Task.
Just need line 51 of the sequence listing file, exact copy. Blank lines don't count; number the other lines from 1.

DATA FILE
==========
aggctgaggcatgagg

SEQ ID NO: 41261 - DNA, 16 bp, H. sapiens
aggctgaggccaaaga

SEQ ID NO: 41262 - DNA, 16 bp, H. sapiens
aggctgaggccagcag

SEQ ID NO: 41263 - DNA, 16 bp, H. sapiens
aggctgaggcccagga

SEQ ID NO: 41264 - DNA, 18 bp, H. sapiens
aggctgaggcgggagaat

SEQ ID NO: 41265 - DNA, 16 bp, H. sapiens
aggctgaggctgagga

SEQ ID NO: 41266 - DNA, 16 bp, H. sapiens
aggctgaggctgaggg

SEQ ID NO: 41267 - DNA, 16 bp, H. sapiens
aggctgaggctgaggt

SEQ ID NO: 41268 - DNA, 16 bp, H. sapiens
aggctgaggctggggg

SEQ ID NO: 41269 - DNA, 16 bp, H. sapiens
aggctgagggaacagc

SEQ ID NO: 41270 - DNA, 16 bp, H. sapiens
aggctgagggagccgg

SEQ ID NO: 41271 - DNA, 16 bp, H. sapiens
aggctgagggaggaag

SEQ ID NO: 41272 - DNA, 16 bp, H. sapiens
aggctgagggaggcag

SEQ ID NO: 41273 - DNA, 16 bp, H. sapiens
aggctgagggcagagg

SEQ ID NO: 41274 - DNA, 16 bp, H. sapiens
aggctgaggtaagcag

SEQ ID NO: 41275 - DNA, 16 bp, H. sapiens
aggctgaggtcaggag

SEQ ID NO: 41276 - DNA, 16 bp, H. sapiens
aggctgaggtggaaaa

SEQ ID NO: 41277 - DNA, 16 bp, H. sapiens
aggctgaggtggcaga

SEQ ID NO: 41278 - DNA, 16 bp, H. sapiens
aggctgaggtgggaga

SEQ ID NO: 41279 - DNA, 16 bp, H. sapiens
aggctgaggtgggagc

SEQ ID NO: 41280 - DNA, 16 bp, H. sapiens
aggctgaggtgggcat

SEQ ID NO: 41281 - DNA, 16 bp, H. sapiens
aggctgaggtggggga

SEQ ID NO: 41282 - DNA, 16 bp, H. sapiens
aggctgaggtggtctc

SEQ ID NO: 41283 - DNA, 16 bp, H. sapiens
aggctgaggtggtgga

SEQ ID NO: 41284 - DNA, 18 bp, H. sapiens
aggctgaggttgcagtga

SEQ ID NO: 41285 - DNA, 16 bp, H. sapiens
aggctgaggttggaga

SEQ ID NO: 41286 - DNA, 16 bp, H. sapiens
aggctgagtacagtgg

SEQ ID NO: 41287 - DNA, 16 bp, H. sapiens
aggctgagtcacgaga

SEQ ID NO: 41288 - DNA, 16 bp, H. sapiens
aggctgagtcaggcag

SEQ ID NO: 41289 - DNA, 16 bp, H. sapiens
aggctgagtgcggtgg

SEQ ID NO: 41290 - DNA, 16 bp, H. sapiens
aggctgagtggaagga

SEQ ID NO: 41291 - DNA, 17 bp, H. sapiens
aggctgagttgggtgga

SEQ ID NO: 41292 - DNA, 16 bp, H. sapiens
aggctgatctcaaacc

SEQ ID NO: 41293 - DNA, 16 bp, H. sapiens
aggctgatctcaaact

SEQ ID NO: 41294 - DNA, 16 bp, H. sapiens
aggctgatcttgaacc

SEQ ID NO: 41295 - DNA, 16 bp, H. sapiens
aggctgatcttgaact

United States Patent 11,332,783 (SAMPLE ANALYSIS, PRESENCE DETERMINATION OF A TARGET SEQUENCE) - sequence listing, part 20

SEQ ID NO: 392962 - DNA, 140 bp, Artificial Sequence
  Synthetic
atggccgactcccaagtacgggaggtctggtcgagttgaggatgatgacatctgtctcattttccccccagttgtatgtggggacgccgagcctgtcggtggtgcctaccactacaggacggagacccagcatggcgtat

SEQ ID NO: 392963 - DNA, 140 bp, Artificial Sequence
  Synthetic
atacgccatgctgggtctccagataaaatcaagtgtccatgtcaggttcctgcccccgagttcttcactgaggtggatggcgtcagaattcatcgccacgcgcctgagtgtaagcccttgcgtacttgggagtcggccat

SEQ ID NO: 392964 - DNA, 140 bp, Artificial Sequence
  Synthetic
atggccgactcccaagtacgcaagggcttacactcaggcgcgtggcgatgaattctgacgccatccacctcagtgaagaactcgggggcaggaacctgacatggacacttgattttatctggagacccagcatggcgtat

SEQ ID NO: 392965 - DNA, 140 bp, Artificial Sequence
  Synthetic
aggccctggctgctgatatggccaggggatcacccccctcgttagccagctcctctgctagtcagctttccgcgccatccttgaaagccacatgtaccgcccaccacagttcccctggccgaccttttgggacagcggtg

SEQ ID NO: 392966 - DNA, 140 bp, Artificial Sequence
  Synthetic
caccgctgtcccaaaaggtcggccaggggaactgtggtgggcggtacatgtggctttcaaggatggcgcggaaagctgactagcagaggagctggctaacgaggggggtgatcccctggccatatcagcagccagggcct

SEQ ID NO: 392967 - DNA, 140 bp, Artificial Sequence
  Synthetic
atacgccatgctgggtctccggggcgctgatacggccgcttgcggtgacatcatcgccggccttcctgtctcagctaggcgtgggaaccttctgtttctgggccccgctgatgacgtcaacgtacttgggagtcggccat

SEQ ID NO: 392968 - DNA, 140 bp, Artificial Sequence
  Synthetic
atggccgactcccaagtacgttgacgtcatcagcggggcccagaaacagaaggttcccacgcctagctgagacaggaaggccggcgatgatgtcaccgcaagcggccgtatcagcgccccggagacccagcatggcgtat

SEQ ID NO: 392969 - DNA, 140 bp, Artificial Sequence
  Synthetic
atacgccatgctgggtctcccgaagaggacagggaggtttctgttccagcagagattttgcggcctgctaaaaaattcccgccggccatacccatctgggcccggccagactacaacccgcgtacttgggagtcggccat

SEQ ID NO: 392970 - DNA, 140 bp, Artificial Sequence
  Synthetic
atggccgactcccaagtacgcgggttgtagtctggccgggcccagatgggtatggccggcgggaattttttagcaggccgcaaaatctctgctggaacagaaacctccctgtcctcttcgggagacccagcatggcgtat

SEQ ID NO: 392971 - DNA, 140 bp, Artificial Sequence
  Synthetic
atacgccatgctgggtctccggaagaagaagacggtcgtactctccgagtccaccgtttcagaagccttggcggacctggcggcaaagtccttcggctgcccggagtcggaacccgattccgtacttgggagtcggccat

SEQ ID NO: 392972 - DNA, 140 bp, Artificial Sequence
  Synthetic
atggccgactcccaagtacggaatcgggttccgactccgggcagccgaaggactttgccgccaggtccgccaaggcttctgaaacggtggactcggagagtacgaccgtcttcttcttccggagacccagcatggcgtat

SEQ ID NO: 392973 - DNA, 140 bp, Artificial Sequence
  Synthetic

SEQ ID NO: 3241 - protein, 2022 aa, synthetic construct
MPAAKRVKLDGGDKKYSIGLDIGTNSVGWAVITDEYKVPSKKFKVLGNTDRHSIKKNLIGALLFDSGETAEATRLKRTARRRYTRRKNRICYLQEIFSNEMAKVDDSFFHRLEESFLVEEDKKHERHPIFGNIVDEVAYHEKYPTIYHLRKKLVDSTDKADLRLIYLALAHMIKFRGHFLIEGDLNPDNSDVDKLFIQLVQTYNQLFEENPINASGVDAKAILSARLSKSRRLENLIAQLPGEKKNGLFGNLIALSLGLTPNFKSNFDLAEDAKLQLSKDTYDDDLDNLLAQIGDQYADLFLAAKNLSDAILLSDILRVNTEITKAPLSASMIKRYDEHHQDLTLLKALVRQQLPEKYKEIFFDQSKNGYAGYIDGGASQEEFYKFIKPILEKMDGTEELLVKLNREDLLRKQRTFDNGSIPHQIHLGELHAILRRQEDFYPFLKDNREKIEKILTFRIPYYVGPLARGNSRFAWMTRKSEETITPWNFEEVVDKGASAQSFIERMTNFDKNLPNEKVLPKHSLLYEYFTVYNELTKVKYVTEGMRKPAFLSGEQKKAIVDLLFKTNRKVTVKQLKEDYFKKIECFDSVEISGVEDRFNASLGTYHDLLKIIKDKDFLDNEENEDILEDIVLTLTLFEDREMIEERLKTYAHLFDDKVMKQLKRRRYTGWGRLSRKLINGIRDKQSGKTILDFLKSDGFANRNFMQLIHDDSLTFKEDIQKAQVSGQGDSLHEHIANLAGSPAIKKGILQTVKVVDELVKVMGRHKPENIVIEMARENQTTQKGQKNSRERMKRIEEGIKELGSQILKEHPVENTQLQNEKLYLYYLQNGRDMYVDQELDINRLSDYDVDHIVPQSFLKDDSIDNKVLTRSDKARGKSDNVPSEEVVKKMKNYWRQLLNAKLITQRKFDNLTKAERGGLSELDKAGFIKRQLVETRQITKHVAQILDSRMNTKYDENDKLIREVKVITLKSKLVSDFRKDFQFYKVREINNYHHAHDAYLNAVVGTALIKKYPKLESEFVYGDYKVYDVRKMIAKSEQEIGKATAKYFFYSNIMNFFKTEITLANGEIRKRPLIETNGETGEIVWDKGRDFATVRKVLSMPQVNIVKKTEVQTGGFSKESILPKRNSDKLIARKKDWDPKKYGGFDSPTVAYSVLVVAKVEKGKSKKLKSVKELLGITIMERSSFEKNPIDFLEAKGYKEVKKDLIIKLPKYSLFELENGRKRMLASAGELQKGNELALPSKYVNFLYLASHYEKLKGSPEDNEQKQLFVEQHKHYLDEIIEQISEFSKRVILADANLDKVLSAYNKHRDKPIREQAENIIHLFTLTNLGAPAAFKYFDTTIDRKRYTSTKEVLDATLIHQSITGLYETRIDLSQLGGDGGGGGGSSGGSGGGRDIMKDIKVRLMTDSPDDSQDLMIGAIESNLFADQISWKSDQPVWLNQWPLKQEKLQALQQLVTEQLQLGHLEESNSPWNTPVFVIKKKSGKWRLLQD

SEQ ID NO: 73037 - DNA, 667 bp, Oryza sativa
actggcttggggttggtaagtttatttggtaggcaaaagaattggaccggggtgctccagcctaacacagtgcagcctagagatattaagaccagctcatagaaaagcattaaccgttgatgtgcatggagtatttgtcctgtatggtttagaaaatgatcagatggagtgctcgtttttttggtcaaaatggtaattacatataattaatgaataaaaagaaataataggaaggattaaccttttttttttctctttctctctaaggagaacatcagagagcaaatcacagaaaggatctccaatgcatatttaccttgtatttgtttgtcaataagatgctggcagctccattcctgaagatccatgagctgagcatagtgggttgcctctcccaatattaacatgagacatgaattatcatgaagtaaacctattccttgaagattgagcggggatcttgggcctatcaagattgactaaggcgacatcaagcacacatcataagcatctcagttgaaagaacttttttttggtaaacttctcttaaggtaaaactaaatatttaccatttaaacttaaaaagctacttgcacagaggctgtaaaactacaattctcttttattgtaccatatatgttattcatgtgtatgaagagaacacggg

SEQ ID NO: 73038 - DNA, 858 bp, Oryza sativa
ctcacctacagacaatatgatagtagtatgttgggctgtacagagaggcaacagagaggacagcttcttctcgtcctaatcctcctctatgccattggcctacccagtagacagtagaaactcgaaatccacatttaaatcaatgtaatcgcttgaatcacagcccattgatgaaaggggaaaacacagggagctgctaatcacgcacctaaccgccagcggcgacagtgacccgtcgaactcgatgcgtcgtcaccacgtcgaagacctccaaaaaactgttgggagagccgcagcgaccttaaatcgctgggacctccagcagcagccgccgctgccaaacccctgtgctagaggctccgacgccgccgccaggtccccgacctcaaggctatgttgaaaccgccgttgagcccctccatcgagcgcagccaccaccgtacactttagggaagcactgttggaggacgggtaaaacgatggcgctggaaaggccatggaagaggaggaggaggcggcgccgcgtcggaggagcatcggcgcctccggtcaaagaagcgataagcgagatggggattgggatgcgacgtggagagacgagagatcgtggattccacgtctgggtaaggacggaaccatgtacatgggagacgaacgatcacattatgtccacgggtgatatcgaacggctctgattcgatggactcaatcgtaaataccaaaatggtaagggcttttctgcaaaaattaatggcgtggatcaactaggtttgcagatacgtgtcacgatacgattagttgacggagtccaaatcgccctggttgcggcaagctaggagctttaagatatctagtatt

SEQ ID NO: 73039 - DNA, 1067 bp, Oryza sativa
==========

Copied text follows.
aggctgaggttggaga